The movies of Russ Meyer that have been cut or banned in Australia.
See also, FANNY HILL (1964) and THE SEVEN MINUTES (1971) in the Film Censorship Database No. 2.
Beyond the Valley of the Dolls
Directed by Russ Meyer / 1970 / USA / IMDb
In June 1970, a 9867-feet (109:38) print of BEYOND THE VALLEY OF THE DOLLS was banned because of ‘indecency and drug abuse’.
At the time, the highest classification was a ‘Suitable only for Adults (SOA)’, which was equivalent to the M-rating.
New classification system
BEYOND THE VALLEY OF THE DOLLS was immediately resubmitted following the November 1971 introduction of the R-rating.
Despite being a ‘reconstructed version’, the 9315-feet (103:30) print was still banned for ‘indecency and incitement to drug abuse’.
The birth of video
BEYOND THE VALLEY OF THE DOLLS remained unseen in Australia until 1981 when 20th Century Fox’s Magnetic Video label released it on tape. During the early days of home video, classification was not compulsory.
The running time]was 108:15, which indicates it was an NTSC to PAL conversion.
Still a problem after 19+ years
In July 1989, the Film Censorship Board again refused to pass BEYOND THE VALLEY OF THE DOLLS. Although they thought it could be awarded an R-rating, they believed they had no power to review their 1970 refusal.
In September 1989, the Films Board of Review overturned this decision and awarded it an R-rating.
Filmpac Holdings was the applicant.
Note condescending tone of the report from the Films Board of Review.
September 21, 1989
Applicant: Filmpac Holdings Limited.
Decision Reviewed: Refuse to register by the Film Censorship Board.
BEYOND THE VALLEY OF THE DOLLS was made in 1970 and was refused registration at that time pursuant to Customs (Cinematographic Films) Regulations 13(1) (a) and (d). A 16mm version was resubmitted to the Censorship Board in July 1989. Although of the opinion that the film could be accepted for registration with an ‘R’ classification under current guidelines, the Censorship Board felt obliged to maintain its 1970 decision to refuse registration, on the grounds, as it believed, that it had no power to review its own decisions.
The legal complexities of this matter have been the subject of much advice, and were on the whole more daunting than any questions raised by the content of the film itself. This is a lurid and conspicuously dated account of pill-popping and general depravity in the showbusiness world of Los Angeles, and was a sequel to an earlier film based on a best-selling novel. It was not clear to the Board of Review why anyone should want to secure the film’s release after 19 years, or indeed at any time, but we agreed with the Film Censorship Board that under current censorship guidelines the film should not be refused registration.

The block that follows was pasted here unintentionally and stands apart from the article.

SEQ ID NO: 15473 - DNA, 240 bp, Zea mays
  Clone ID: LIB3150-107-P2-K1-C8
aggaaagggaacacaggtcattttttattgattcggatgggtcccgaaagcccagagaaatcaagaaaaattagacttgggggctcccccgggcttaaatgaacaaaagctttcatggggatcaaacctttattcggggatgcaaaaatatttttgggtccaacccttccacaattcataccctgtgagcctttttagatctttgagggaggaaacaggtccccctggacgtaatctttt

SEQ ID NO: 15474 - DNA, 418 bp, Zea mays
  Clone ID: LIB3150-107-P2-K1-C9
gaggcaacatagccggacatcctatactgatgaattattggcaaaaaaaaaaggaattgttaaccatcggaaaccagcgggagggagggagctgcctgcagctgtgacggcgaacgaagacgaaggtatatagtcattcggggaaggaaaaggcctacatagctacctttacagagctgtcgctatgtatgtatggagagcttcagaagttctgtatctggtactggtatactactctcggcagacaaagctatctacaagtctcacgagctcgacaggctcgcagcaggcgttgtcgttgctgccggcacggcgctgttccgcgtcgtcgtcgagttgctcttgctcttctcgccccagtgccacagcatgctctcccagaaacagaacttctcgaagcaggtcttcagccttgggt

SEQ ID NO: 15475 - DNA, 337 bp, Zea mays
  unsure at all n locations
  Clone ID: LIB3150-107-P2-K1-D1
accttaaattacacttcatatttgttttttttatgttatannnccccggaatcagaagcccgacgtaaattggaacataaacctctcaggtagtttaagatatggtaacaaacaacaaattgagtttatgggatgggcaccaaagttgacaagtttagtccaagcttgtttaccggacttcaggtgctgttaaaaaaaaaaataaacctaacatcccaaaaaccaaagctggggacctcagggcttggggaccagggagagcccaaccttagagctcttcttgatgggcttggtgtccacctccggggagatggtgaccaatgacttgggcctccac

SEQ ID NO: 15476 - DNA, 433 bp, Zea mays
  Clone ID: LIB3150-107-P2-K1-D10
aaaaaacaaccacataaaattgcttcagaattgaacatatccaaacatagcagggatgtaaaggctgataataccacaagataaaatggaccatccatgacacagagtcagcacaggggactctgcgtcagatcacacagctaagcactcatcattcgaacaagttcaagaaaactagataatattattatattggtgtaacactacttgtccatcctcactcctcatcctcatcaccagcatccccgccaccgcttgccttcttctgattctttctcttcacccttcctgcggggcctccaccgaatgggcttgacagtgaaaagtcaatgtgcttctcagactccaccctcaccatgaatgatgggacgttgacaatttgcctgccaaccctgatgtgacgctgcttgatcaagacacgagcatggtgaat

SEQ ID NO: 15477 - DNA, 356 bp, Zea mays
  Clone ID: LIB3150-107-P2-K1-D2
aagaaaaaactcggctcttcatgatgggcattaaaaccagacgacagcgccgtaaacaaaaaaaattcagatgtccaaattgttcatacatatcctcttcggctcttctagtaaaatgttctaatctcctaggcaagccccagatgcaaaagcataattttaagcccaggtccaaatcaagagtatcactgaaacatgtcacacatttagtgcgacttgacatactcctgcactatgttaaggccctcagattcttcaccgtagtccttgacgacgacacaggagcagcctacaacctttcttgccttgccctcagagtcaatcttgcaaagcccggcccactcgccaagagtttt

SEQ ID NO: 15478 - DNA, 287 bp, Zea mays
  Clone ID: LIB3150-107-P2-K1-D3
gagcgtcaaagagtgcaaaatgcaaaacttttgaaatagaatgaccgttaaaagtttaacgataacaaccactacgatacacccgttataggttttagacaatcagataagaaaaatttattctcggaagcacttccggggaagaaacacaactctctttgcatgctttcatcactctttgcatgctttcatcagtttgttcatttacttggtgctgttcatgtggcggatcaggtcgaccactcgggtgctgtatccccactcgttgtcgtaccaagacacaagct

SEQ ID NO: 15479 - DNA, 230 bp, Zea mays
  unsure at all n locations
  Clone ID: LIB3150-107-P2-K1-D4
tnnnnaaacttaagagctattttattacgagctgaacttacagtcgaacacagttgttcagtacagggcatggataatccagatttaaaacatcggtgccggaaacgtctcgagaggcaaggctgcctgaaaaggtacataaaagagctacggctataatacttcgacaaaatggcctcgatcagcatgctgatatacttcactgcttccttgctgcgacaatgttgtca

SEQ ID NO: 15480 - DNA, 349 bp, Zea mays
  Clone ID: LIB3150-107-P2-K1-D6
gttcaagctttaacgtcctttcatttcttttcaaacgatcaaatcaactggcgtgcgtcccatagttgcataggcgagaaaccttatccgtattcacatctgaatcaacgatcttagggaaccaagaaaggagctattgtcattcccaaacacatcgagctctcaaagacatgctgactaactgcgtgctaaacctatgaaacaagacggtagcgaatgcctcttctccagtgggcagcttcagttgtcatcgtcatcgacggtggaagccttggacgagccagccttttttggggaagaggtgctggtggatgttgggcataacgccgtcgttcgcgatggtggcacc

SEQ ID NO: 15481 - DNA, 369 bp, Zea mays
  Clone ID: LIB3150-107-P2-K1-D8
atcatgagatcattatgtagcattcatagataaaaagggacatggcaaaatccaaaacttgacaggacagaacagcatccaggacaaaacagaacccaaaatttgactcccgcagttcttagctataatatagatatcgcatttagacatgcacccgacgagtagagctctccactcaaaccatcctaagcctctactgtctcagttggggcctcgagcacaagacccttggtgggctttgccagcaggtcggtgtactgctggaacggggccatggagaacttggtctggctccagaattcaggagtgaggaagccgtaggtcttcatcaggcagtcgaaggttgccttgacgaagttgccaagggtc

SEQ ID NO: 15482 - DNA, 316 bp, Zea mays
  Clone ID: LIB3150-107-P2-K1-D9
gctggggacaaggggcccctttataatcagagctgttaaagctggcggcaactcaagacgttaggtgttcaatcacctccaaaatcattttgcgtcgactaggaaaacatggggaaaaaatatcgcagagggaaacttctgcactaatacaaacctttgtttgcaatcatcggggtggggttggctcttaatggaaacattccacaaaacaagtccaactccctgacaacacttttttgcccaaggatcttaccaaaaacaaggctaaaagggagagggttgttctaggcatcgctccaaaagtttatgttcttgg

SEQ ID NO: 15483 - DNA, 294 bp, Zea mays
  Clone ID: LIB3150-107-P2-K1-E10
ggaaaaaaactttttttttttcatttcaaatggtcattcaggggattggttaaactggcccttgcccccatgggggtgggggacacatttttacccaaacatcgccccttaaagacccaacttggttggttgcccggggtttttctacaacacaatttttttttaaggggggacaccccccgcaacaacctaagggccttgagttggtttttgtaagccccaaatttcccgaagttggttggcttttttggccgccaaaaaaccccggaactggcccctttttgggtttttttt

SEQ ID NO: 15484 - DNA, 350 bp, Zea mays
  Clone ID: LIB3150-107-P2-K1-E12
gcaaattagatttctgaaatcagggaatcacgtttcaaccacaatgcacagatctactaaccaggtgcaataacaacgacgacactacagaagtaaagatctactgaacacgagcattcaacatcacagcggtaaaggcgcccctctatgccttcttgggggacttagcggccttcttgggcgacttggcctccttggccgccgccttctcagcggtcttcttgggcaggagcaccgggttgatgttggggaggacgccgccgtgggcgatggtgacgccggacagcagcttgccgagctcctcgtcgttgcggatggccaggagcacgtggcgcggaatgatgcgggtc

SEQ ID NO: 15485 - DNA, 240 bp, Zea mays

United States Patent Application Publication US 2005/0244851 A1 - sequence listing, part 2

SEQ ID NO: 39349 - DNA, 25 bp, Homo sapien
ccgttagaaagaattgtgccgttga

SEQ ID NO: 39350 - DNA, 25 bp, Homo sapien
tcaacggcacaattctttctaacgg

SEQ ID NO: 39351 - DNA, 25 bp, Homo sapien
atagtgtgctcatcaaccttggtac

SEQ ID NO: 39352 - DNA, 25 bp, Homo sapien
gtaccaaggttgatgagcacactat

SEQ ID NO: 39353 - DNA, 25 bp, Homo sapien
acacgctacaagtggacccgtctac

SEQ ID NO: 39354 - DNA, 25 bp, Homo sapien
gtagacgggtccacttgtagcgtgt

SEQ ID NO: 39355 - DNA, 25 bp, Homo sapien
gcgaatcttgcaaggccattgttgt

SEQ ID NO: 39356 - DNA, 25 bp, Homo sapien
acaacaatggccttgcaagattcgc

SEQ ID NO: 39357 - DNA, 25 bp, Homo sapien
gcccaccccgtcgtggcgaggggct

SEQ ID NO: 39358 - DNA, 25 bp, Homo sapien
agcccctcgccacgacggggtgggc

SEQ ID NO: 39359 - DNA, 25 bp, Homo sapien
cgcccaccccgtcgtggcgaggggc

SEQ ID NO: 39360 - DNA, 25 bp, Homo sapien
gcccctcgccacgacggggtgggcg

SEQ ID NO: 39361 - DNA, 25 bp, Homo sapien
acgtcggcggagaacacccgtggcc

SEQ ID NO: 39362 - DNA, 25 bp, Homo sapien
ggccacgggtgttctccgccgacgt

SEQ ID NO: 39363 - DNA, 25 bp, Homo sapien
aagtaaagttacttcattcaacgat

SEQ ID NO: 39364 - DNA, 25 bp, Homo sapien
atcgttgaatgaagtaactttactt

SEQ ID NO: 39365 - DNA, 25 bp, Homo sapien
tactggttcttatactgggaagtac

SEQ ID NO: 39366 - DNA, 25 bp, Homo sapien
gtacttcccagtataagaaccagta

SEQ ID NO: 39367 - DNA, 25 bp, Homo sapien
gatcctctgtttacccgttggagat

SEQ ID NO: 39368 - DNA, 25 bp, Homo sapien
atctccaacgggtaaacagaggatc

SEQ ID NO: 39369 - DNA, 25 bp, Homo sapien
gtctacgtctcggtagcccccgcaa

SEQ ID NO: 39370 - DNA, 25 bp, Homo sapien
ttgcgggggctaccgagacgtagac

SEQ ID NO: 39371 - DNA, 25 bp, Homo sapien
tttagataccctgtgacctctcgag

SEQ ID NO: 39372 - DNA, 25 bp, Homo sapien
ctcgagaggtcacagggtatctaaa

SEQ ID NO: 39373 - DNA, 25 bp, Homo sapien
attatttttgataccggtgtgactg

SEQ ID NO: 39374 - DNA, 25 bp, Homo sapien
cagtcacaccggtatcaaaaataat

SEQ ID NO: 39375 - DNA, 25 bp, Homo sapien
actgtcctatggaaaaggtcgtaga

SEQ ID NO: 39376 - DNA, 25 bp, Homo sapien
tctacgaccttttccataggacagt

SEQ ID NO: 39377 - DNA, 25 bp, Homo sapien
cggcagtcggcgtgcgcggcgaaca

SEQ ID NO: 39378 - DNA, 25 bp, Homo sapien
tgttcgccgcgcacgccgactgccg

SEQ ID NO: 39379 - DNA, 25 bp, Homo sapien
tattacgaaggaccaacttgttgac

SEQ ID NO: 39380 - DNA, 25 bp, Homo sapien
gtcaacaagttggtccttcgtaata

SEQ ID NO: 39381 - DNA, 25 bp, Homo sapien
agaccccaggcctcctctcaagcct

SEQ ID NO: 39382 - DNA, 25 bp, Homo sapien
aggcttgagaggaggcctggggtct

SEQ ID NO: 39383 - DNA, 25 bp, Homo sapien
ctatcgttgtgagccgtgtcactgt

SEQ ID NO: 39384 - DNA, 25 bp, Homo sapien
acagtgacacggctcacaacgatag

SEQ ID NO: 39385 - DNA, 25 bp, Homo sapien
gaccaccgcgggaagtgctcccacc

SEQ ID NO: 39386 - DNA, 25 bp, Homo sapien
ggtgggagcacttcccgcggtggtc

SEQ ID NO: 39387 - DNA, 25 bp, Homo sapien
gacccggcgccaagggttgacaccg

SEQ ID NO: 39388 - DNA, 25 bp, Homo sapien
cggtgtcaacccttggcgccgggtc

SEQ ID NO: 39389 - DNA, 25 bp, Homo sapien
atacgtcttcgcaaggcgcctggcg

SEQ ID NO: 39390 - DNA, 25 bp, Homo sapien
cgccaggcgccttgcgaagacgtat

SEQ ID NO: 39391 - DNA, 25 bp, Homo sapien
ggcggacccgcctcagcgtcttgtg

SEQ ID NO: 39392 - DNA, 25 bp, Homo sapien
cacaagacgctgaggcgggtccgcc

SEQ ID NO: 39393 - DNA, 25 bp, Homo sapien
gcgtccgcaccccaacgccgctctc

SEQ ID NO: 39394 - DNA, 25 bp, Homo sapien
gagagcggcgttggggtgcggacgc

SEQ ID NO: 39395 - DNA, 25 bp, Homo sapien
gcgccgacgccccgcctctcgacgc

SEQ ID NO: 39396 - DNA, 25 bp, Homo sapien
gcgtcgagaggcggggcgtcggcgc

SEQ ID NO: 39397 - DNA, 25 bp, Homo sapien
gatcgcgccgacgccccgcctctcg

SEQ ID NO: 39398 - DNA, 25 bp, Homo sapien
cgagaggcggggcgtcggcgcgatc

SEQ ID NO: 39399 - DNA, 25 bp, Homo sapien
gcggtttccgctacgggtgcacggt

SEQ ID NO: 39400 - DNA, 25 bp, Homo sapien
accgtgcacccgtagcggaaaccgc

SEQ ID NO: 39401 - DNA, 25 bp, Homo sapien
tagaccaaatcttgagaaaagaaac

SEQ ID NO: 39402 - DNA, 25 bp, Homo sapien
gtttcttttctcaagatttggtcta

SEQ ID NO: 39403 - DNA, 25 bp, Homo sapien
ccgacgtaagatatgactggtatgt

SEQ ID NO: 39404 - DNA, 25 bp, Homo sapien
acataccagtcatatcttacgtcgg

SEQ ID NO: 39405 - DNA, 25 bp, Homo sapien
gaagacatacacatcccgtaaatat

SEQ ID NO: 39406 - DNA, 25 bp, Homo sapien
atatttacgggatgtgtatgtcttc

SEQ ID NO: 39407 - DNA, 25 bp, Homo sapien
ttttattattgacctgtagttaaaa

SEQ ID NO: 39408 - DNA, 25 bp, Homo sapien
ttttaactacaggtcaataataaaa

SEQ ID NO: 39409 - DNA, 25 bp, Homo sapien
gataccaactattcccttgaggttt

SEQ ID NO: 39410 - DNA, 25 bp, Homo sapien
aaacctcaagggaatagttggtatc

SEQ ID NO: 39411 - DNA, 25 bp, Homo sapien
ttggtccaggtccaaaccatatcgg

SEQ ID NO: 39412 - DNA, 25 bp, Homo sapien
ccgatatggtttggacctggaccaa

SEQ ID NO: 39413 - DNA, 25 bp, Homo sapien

It was our conclusion that community standards had changed sufficiently since 1970 to justify the release of the film, though whether these changed standards signified an advance or a decline in public taste we were unable to say.
Accordingly, the Board of Review directed BEYOND THE VALLEY OF THE DOLLS be registered and classified ‘R’ (for Restricted Exhibition).– Films Board of Review report
R & RC rated
On 13 October 1989 a 108-minute 16mm print is recorded as being passed with an R (Some graphic violence, Sexual activity, Drug abuse) rating. Ten days later, a 109-minute 16mm print was Refused Registration.
In both cases, Filmpac Holding was the applicant.
It is unclear why the Films Board of Review passed it with an R-rating on September 21, only to see the Censorship Board refuse it a month later.
In May 1990, a 111-minute video was passed with an R (Drug abuse, Occasional graphic violence, Sexual activity).
The tape, released by CBS/Fox Video, had been precut to tone down the violence.
Missing was a 00:23 sequence from the climax where Z-Man (John Lazar) shoots Roxanne (Erica Gavin) as she sleeps. This plays from 96:10 to 96:33 in the uncut R4 DVD.
Parts of the above scene are replayed over the opening credits, but these are missing from the CBS/Fox tape. Instead, we see the scene that plays after this where Z-Man and the band are talking are on the phone. Below are a couple of scenes from the opening credits that are missing from the video.
The rest of the credits are also edited differently.
Complete at last
An uncut version finally appeared in Australia in October 2003 when 20th Century Fox released it on R4 DVD.